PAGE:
Having failed to learn from history, Congress is apparently determined to force Americans to repeat it.
Earlier this week, the House of Representatives passed a bill granting President Joe Biden, the Federal Trade Commission (FTC), and state attorneys wide-ranging and ill-defined powers to crack down on "unconscionably excessive" gas prices, supposedly in the name of protecting consumers.
What counts as "unconscionably excessive," you might be wondering? That's in the eye of the beholder apparently, as the Consumer Fuel Price Gouging Prevention Act contains no explanation or definition to limit the new executive powers over prices at the pump. Any seller deemed to be "exploiting the circumstances related to an energy emergency" can be targeted with civil penalties or forced to stop selling gasoline at whatever price the authorities have deemed to be excessive. The text of the bill allows the FTC to determine appropriate "benchmarks" for deciding whether some gas prices might be grossly excessive—a neat little trick that effectively allows the FTC to set prices if it chooses to do so.
Of course, price controls, even when enacted in roundabout ways, don't work. History is full of examples demonstrating this basic economic fact, but probably the most on-point example is the gasoline price controls enacted by the federal government in 1971. "The results were disastrous," Jack Rafuse, a Nixon administration energy advisor, wrote in the Chicago Tribune in 2007. "Oil exploration and domestic oil production slowed sharply. And foreign oil poured into the nation's gas tanks, filling the booming demand for price-controlled gas."
When you mess with prices, they tend to mess back. Artificially low prices signaled to consumers that they should keep filling up, but gasoline supplies couldn't keep up. Long lines and rationing were the predictable results.
No one wants to pay more than $4.50 for a gallon of gas—that's the national average right now, meaning many places are seeing even higher prices—but severing the ability of higher prices to signal to consumers that they should buy less is no solution. At best, it merely hides the problem and creates new ones.
Expanding the executive branch's power to crack down on businesses that are merely responding to market conditions is no solution either. The U.S. Chamber of Commerce warns that the legislation will allow the FTC "to make supply and demand mandates for the energy sector," potentially resulting in falling domestic energy production and higher gas prices.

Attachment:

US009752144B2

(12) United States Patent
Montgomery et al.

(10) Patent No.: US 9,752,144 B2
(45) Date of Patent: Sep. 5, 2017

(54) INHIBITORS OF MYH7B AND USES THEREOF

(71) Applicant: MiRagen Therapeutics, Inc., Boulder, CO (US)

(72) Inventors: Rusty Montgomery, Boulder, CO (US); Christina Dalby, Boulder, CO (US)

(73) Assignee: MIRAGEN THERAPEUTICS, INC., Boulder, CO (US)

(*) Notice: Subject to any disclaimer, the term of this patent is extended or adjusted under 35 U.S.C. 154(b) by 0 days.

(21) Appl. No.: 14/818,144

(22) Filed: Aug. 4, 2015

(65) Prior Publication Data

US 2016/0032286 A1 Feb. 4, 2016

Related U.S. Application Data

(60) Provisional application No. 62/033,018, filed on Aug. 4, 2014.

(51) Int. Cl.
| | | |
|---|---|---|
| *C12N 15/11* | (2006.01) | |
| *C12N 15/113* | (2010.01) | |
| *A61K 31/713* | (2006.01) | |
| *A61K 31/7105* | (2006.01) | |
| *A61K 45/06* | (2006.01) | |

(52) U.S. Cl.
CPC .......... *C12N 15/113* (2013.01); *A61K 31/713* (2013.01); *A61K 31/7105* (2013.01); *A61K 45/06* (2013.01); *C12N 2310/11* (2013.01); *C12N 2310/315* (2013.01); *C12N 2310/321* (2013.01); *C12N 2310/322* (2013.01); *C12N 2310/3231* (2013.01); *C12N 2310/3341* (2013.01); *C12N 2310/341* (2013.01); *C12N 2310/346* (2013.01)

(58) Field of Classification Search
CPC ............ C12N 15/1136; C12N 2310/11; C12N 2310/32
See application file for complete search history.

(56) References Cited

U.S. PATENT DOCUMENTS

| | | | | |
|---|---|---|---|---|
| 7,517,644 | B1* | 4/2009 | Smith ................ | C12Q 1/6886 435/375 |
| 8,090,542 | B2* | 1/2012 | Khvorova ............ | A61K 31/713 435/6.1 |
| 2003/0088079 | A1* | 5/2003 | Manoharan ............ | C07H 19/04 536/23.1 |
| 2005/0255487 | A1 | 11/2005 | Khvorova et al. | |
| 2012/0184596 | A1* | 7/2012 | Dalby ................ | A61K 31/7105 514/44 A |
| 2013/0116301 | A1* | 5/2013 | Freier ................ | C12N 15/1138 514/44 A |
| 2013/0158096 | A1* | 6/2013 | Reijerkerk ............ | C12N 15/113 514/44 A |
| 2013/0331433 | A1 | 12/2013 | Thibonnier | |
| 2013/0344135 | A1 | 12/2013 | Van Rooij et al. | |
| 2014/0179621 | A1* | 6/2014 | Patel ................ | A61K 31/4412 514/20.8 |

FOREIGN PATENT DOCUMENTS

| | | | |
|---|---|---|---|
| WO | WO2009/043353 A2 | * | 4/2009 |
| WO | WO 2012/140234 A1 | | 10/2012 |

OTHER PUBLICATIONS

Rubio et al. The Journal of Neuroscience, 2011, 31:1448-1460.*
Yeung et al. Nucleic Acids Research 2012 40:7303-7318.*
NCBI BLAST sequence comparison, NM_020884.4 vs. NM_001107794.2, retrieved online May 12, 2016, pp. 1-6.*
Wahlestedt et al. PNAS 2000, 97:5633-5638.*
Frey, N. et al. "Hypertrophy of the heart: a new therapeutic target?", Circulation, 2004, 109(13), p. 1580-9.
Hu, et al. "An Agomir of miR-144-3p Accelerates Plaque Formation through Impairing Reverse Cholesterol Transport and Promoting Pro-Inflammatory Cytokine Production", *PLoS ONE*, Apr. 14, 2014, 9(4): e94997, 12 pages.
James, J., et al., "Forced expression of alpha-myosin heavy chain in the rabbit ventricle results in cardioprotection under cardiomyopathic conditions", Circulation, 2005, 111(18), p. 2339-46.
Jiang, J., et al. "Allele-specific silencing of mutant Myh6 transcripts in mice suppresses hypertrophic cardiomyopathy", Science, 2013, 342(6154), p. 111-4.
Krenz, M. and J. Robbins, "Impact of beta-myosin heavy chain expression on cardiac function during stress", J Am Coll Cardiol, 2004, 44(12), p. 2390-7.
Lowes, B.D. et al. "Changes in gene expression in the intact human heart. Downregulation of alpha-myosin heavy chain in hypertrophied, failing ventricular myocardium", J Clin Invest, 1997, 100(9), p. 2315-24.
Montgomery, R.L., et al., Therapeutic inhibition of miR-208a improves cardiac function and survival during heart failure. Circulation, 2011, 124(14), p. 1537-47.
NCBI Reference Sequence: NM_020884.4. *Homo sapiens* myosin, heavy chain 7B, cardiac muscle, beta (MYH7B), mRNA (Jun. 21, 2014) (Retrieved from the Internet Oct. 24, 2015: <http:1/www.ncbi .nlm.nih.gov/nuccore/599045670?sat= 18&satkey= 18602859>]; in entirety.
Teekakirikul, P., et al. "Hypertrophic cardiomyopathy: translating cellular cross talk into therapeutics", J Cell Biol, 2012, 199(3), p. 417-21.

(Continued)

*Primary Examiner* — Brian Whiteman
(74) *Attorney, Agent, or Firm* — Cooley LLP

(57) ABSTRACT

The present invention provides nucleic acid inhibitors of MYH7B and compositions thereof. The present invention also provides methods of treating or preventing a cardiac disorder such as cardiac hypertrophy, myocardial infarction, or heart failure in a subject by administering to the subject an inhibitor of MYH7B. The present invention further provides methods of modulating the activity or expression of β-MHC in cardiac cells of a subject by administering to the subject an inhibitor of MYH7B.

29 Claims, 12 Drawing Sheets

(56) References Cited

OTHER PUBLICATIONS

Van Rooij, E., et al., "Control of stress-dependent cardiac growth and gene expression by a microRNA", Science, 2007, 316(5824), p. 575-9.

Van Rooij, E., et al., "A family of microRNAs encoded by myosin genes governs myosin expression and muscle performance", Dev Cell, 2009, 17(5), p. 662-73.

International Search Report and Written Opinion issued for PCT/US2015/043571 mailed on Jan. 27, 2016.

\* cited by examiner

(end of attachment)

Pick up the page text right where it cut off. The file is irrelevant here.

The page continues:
In other words, the 1970s all over again.
Even some Democrats who ultimately supported the bill—which passed Wednesday with a near-party-line vote in the House—seemed to recognize the danger.
Rep. Paul Tonko (D–N.Y.) told E&E News, a trade publication focused on energy and environmental issues, that the bill was "injecting a political solution into an economic problem."
That's exactly right. For months, Democrats have been trying to scapegoat rising prices throughout the economy on supposed price gouging. Sen. Elizabeth Warren (D–Mass.) memorably and bizarrely claimed that higher prices at grocery stores were the result of greedy capitalists, despite the fact that grocery stores operate on some of the thinnest margins of any business thanks to robust competition. Warren and some of her Senate colleagues have introduced a separate bill to give the FTC similar powers over price gouging in all parts of the economy. That bill uses the same vague "unconscionably excessive" framing as the just-passed gas price control bill in the House.
These attempts to deflect blame for the highest inflation rates in 40 years are "dangerous misguided nonsense," according to none other than Jason Furman, one of the Obama administration's top economic advisors.
"The problem with this narrative is that it's just a pejorative tautology," wrote The Washington Post's Catherine Rampell about Warren's bill. "Yes, prices are going up because companies are raising prices. Okay. This is the economic equivalent of saying 'It's raining because water is falling from the sky.'"
To carry that analogy one step further, the bill passed by House Democrats this week might best be understood as an attempt to hack the weather app on your phone to assure you that there's no rain falling now and no chance of rain falling later in the day. Seeing that might make you feel good, but you'll be ill-prepared to deal with the weather when you step outside.
Price controls are lies—pleasant ones, perhaps, but lies just the same—and the government ought not to be in the business of forcing businesses to lie to consumers for political reasons.